Micro events are exactly what the name says: small experiences that can happen online or in-person. Depending on your audience, this could mean a few people or a few hundred people ... whatever number reads as high-touch and highly personal in your industry.
Boutique versus big box
Imagine you’re buying a gift. What feels more exclusive? A small shop where you’re the only customer, or a huge store where you’re surrounded by others?
Micro events give you an opportunity to offer a boutique experience to your customers or leads and respond to their needs — whether they can identify their concerns or you have to tease out their pain points.
Don’t just sit in meetings and try to come up with potential topics for a micro event. Call, email, or tweet your clients and ask what they want to know. Then provide it for a select, exclusive group.
Quality not quantity
Make sure there’s a real person on your end from the onset. Extend a short, personalized invitation: “Hi Juanita, can we meet next Tuesday at 2 pm with three other clients in our industry who share your questions about (product, service, idea)?”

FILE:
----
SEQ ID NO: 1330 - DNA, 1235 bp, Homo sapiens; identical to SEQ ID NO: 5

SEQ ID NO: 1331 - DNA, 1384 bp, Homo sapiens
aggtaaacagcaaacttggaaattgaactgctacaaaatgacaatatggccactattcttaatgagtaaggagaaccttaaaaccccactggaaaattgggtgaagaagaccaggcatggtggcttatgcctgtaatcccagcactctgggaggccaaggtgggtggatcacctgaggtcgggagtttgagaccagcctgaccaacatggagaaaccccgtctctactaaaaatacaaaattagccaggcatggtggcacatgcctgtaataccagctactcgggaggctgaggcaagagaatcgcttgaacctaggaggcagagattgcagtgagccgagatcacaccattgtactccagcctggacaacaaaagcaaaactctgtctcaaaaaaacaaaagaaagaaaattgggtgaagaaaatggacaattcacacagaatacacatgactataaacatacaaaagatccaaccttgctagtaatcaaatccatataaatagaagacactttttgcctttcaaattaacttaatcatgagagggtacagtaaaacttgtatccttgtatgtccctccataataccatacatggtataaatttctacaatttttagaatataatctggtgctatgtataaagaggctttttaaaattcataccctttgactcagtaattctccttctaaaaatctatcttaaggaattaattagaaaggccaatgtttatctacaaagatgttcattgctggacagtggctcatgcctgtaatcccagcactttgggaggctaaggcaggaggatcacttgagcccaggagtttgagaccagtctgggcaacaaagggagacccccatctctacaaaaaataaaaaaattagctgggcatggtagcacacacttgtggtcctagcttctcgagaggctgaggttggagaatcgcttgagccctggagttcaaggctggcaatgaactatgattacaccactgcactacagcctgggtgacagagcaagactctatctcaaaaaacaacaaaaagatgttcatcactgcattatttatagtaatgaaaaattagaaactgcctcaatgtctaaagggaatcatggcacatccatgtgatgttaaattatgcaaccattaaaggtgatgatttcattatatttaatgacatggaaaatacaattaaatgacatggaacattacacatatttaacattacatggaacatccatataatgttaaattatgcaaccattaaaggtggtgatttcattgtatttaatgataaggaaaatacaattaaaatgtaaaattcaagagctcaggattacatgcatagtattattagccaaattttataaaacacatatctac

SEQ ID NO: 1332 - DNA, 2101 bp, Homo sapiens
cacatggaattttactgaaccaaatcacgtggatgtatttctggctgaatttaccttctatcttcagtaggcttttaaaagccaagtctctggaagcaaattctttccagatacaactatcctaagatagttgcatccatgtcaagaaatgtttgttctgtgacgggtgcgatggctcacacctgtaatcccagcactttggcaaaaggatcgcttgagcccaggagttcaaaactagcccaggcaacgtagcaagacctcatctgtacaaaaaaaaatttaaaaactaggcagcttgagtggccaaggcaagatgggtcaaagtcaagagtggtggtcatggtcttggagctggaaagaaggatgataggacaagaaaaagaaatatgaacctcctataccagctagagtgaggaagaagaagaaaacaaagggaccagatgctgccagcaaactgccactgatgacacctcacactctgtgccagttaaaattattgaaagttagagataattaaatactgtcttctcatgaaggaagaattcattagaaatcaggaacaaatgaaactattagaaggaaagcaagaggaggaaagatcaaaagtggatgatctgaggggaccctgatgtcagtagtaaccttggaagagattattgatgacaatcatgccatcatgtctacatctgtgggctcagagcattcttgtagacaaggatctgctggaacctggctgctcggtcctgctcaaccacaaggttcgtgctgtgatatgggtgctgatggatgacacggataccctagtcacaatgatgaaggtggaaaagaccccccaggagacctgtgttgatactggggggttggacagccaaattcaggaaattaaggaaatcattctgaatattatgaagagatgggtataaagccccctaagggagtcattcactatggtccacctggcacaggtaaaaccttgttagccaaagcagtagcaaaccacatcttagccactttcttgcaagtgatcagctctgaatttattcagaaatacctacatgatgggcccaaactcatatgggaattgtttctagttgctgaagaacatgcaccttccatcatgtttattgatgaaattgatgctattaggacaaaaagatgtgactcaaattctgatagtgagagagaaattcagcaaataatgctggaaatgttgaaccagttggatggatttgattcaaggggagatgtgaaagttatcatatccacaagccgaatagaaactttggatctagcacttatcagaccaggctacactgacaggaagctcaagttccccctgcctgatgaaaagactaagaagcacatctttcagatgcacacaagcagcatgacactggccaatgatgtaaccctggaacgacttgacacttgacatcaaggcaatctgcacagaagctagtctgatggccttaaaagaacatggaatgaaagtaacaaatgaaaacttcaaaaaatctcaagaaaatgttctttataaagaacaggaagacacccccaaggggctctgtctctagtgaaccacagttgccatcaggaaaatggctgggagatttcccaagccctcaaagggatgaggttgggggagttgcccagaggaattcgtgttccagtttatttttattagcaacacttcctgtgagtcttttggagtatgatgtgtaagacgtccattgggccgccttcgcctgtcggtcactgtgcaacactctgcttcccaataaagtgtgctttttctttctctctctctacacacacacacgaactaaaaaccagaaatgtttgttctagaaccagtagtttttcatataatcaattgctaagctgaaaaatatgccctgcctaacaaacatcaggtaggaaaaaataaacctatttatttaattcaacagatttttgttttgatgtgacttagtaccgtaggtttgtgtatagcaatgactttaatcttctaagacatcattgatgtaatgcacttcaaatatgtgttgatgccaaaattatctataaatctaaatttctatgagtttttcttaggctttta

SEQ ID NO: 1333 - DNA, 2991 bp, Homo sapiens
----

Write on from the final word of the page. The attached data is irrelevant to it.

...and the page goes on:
Then take advantage of the very best things about small groups. Introduce people to each other. Ask questions about their background and their challenges. Talk about the opportunities stemming from their concerns. Tell them about your industry’s dream projects. Ask them to brainstorm ways your product or service could help them, other people, or other industries.
Co-creation for the win
Your job is to make your micro event into a fully co-created conversation and a co-created space. If you can do that, your customers will have strong feelings of acceptance, value, and utility — and will likely view your company as a helpful authority.
We hope this tiny post helps you think big about the potential of micro events for your company. Let us know how they work for you and if you need any help setting up you own micro event. If you're interested in the basics on corporate event strategy, we also offer a larger guide from our events experts.
This is the seventh and final blog in a multi-part series on event planning in the months and years after the coronavirus pandemic in the United States. Check out the other blogs in the series: